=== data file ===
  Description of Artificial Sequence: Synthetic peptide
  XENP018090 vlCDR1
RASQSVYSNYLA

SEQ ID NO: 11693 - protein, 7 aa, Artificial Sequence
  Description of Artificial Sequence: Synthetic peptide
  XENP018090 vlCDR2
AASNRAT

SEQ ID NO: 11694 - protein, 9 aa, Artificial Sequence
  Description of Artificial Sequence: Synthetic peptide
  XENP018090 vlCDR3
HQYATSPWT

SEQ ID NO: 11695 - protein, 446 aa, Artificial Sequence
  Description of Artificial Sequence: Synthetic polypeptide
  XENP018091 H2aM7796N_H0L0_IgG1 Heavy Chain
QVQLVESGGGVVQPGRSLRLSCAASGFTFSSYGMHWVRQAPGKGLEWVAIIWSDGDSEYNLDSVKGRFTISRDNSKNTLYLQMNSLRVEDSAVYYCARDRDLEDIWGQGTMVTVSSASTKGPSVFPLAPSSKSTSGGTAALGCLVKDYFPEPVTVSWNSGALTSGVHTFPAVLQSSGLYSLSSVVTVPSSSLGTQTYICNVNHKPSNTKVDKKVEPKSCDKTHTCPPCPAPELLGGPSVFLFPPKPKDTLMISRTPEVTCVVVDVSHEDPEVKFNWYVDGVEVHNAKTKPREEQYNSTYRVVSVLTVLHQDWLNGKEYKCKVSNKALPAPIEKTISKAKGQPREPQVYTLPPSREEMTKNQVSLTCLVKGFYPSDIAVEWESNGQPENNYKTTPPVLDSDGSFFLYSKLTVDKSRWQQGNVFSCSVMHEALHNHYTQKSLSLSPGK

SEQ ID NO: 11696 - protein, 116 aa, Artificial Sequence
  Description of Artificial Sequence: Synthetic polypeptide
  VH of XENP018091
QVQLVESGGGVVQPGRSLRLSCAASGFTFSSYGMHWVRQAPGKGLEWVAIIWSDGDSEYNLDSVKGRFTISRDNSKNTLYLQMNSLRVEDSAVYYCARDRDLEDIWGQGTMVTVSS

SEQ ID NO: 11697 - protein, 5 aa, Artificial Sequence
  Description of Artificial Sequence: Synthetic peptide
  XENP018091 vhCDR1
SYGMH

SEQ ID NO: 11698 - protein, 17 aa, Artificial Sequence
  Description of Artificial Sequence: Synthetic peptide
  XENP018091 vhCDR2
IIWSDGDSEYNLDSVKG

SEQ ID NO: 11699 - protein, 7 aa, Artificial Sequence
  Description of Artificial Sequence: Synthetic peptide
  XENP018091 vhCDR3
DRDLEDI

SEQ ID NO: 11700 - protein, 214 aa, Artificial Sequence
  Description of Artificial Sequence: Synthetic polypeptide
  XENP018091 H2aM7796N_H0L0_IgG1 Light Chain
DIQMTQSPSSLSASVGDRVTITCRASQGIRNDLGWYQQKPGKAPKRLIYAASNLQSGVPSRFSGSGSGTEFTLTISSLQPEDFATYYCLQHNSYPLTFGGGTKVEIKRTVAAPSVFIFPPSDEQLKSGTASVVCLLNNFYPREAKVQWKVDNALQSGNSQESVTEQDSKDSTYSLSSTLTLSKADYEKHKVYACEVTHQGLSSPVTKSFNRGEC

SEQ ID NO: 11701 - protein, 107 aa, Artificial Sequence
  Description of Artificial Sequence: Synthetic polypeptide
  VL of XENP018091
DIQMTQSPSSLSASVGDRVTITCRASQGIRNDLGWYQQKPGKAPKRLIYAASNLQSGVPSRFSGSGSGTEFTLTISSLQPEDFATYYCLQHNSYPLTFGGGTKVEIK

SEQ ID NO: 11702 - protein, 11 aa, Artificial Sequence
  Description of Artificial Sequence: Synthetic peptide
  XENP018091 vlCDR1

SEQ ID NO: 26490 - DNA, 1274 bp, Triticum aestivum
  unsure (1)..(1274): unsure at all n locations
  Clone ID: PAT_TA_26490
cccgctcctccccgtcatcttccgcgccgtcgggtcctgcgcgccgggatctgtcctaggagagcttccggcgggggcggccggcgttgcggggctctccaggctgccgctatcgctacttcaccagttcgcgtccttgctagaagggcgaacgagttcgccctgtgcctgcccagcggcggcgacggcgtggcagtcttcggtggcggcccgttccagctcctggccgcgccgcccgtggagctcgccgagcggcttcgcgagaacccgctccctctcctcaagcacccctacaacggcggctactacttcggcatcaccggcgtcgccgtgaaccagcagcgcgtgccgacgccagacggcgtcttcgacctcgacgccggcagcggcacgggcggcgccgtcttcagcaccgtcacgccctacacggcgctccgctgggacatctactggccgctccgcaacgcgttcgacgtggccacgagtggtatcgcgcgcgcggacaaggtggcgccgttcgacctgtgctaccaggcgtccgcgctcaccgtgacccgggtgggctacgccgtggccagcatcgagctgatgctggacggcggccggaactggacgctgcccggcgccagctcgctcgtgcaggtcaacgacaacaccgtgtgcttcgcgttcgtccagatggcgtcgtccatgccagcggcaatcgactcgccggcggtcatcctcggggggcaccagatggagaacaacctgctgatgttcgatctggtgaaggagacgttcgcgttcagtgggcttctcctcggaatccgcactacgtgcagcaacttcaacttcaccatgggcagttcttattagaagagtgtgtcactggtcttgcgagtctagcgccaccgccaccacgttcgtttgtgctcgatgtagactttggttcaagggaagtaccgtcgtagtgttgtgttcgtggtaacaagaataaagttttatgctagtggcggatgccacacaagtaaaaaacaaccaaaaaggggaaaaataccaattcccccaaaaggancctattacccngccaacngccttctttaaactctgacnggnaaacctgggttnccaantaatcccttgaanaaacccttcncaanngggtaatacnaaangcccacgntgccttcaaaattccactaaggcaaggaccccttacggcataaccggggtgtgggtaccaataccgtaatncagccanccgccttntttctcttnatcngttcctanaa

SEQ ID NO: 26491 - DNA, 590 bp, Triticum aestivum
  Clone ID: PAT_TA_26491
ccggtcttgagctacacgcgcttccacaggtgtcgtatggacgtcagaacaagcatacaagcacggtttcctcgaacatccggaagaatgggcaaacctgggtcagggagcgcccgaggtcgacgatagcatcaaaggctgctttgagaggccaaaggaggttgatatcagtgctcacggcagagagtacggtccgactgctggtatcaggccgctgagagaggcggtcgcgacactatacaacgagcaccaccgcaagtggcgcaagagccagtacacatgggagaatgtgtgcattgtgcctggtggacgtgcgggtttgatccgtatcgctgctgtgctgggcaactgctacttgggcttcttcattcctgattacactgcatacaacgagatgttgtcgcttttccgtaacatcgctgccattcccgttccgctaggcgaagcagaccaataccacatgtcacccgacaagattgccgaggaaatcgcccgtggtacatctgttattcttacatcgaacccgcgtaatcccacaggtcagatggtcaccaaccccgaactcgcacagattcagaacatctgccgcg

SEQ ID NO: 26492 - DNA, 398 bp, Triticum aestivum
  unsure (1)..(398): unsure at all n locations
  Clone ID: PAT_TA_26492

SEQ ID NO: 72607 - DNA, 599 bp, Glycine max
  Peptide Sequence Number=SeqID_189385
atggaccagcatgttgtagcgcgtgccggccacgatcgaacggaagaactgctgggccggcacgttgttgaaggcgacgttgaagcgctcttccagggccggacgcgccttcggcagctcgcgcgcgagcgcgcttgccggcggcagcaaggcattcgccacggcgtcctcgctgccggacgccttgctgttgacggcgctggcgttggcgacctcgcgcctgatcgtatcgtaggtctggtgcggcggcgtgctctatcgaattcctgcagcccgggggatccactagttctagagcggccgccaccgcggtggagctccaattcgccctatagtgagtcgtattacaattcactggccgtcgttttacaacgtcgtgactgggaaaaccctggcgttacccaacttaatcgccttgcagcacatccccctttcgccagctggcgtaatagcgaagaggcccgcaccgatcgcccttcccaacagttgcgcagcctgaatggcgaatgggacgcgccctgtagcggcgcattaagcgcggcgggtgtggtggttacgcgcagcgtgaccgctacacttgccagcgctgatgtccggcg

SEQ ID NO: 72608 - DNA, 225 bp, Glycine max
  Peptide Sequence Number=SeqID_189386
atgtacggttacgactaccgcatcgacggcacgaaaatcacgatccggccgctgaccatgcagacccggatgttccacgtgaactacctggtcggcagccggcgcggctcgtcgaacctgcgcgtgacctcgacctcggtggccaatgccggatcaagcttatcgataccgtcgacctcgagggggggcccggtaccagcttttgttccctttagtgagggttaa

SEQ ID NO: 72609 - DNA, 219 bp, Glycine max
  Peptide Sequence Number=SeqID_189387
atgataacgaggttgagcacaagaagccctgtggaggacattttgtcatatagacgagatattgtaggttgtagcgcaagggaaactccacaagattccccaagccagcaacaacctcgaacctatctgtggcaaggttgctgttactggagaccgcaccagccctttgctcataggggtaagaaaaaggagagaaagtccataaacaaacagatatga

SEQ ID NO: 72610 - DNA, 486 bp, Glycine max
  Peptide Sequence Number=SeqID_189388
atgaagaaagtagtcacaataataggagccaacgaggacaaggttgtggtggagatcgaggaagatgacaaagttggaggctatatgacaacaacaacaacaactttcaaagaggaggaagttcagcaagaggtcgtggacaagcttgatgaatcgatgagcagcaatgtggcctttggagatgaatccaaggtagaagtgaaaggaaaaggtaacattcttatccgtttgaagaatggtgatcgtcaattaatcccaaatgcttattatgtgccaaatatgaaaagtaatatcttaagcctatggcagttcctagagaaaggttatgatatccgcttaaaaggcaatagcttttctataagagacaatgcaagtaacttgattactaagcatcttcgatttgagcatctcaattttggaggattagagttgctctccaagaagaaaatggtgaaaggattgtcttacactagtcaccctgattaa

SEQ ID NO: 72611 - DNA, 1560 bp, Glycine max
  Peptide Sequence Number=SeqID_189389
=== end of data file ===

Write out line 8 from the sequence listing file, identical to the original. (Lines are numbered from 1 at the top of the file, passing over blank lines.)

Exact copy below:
SEQ ID NO: 11694 - protein, 9 aa, Artificial Sequence